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Hives: FAQs

What are hives?


Hives are a skin reaction that causes bumps, raised patches, or both to suddenly appear. These bumps and patches often itch intensely. Most cases of hives are temporary and go away without treatment. When hives linger, a board-certified dermatologist can help prevent flare-ups.

Are hives contagious? No, you cannot catch hives.

Sometimes, it may seem like you can catch hives because some people develop hives when they get a contagious disease like strep throat, COVID-19, or a common cold. What’s really happening is this. First, the person catches a contagious disease. Next, their immune system reacts to the infection by making histamine. It’s histamine that causes hives.

Public>Diseases>A-Z>Hives>Overview>Children's skin>Comparison Hives on children's skin
Hives usually cause a rash of intensely itchy bumps and patches on the skin. On lighter skin tones (A), you may see a pink or red rash. People with darker skin tones (B) often have hives that closely match their skin tones, so hives can be more difficult to spot.

What does urticaria mean?

Urticaria (ur-tih-KAR-e-uh) is the medical word for hives. It refers to the often-itchy bumps and patches that suddenly appear on the skin.

Some people who have hives also develop swelling deep in their skin. The medical word for this swelling is angioedema (an-jee-oh-uh-DEE-mah).

How long do hives usually last?

An individual hive tends to go away within 24 hours, but new hives can appear. For most people, a case of hives usually lasts a few days to a few weeks.

A case of hives can also last longer than a few weeks. If you continue to get hives for 6 weeks or longer, you have chronic hives. A board-certified dermatologist can successfully treat chronic hives.

Are hives dangerous?

Most cases of hives are harmless and go away on their own.

Sometimes, hives require immediate medical care. Go to urgent care or the nearest emergency room if you have any of the following:

  • Swelling on your face, inside your mouth, or in your throat

  • Problems swallowing or breathing

  • Light-headed or faint feeling

  • Racing heart

If hives cause swelling elsewhere on your body (aside from your face, mouth, or throat), it’s usually harmless. Keep in mind that swelling can come back in a different area. Any time swelling develops on your face or inside your mouth or throat, get immediate medical care.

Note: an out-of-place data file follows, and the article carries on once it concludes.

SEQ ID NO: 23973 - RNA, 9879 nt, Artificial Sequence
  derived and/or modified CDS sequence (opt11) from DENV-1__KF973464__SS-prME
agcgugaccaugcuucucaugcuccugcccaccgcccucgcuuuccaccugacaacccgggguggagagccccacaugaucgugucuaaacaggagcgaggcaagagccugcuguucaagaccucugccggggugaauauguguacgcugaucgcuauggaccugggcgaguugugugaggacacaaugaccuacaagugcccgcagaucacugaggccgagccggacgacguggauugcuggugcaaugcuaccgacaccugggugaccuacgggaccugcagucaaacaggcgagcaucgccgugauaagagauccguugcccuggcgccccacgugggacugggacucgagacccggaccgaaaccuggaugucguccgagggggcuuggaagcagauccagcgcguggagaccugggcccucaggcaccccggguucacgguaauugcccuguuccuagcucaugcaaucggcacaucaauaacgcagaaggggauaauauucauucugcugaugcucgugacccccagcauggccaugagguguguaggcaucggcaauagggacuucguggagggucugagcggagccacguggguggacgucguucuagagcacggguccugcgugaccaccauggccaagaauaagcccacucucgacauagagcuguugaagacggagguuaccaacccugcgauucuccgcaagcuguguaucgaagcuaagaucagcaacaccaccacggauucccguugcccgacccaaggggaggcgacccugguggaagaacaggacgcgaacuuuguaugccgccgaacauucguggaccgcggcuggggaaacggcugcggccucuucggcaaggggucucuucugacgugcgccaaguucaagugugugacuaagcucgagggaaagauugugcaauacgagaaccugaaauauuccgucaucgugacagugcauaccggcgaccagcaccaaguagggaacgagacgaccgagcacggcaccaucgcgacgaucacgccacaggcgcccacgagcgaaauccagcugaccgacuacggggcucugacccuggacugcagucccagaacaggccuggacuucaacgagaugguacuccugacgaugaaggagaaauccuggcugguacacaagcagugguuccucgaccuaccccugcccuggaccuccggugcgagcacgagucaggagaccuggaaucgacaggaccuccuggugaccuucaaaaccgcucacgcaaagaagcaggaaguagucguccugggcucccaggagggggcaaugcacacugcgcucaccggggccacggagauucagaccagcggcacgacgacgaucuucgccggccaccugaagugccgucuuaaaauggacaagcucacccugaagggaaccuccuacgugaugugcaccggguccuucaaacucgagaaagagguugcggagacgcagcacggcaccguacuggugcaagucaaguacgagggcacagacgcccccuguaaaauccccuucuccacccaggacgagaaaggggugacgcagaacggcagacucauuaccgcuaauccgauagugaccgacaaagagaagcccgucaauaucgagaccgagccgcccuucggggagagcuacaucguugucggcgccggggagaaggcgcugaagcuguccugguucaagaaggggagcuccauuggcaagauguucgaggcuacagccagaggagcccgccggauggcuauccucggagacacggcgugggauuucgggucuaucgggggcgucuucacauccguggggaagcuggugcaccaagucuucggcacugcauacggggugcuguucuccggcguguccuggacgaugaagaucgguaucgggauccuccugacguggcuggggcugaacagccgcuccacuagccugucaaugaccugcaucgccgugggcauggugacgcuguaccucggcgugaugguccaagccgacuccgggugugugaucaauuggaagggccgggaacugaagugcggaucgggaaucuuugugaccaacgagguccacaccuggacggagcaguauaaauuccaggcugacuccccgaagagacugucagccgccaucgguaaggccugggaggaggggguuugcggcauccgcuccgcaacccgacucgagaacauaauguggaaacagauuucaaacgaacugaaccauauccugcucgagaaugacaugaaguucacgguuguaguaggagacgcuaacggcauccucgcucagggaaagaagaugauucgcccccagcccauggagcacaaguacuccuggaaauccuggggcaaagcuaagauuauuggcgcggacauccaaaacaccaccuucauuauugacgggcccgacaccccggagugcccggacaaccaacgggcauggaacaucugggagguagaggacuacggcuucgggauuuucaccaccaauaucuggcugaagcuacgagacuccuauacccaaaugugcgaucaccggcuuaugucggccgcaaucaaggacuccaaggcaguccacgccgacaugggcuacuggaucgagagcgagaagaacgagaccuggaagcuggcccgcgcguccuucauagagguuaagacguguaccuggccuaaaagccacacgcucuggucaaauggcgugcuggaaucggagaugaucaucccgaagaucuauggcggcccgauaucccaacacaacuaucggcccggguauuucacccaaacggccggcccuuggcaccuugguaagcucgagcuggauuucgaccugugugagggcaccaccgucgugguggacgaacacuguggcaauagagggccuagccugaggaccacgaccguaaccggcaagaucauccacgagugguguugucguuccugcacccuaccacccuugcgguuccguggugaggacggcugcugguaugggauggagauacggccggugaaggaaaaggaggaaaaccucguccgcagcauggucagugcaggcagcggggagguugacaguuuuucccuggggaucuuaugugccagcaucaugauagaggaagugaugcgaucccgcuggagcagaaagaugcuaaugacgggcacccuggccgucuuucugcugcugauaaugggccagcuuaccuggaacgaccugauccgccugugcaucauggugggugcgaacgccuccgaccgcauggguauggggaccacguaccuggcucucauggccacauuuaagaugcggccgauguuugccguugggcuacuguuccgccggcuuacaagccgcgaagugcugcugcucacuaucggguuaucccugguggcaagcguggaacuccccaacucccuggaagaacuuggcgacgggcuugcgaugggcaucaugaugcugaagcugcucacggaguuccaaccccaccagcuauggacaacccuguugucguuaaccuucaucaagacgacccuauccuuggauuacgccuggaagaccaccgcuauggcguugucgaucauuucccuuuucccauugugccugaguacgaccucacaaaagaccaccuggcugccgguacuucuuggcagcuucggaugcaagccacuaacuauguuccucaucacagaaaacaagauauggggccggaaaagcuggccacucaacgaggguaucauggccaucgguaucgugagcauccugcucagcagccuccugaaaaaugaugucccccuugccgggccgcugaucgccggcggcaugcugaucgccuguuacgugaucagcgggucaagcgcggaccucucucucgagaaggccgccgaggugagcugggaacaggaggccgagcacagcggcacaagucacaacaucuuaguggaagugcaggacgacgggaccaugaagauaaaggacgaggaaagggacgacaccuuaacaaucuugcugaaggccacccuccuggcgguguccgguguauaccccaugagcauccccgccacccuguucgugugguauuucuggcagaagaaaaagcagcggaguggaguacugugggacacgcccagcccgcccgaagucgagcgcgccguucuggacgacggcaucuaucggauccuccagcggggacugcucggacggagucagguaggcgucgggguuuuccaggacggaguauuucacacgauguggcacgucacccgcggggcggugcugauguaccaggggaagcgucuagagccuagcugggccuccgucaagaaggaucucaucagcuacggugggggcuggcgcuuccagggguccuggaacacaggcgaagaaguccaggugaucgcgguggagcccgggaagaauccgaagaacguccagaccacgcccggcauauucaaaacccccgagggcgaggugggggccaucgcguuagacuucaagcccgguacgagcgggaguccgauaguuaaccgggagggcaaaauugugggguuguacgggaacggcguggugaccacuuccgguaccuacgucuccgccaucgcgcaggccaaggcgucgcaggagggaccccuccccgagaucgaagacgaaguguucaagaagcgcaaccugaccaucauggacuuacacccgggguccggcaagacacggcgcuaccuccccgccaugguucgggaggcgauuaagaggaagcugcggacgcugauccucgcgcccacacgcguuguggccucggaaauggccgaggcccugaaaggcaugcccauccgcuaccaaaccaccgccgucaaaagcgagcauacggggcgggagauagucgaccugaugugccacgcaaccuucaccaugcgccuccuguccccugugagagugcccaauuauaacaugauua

If the swelling continues to come and go, getting treatment for hives can prevent swelling.

Are hives curable?

No, hives cannot be cured, but this condition is treatable.

If you have hives that last longer than 6 weeks, a dermatologist can develop a treatment plan that provides relief. To find out how dermatologists treat patients with long-lasting hives, see what two dermatologists say about treating long-lasting hives at Chronic hives: How dermatologists help people get relief.

Do hives spread?

Hives cannot spread from one person to another.

Hives can spread on your body. If you have a rash, hives can get bigger or join together. More hives can appear. Some people develop widespread hives that cover much of their body.

Why do people break out in hives for no apparent reason?

Hives appear suddenly, so it can feel as if they develop for no reason. Keep in mind that hives develop when your skin is reacting to something. This reaction may be due to one of the following:

  • Allergy (e.g., food, insect bite, medication)

  • Infection (e.g., common cold, strep throat, or a urinary tract infection)

  • Something physical touching your skin (e.g., sunlight, pressure, or cold)

The medical term for hives caused by something physical touching your skin is called inducible hives. It means you have a flare-up whenever something specific touches your skin, such as pressure or sunlight.

The most common type of inducible hives occurs when skin is scratched, rubbed, or stroked. The medical name for this is dermatographism (der-maa-toe-GRA-fi-ism), which means “writing on the skin.” It causes swelling and itchy skin on the area rubbed, stroked, or scratched. The hives usually disappear within minutes after the rubbing, scratching, or stroking is stopped.

For more information about inducible hives, go to 10 ways to get relief from chronic hives.

Although hives are due to a skin reaction, it’s important to know that many people never find out what’s causing their hives. When you don’t know the cause, you have spontaneous hives. Even when you don’t know the cause, hives can be effectively treated.

Regardless of what triggers hives, bumps and patches can appear on the skin in many ways. To see different ways that hives can appear and find out about symptoms, go to Hives: Signs and symptoms.

Image 1: Produced with permission from ©DermNet www.dermnetnz.org 2024.

Image 2: Used with permission of the Journal of the American Academy of Dermatology. J Am Acad Dermatol 2002;46:284-93.

Antia C, Baquerizo K, et al. “Urticaria: A comprehensive review: Epidemiology, diagnosis, and work-up.” J Am Acad Dermatol. 2018 Oct;79(4):599-614.

Grattan CEH, Saini S. “Urticaria and angioedema.” In: Bolognia JL, et al. Dermatology. (fourth edition). Elsevier, China, 2018:308-9.

Hide M, Takahagi S, et al. “Urticaria and angioedema.” In: Kang S, Amagai M, et al. Fitzpatrick’s Dermatology (ninth edition). McGraw Hill Education, New York, 2019: 684-8.

Written by:
Paula Ludmann, MS

Reviewed by:
DiAnne Davis, MD, FAAD
Elisa Gallo, MD, FAAD
William Warren Kwan, MD, FAAD
Shari Lipner, MD, PhD, FAAD

Last updated: 5/30/24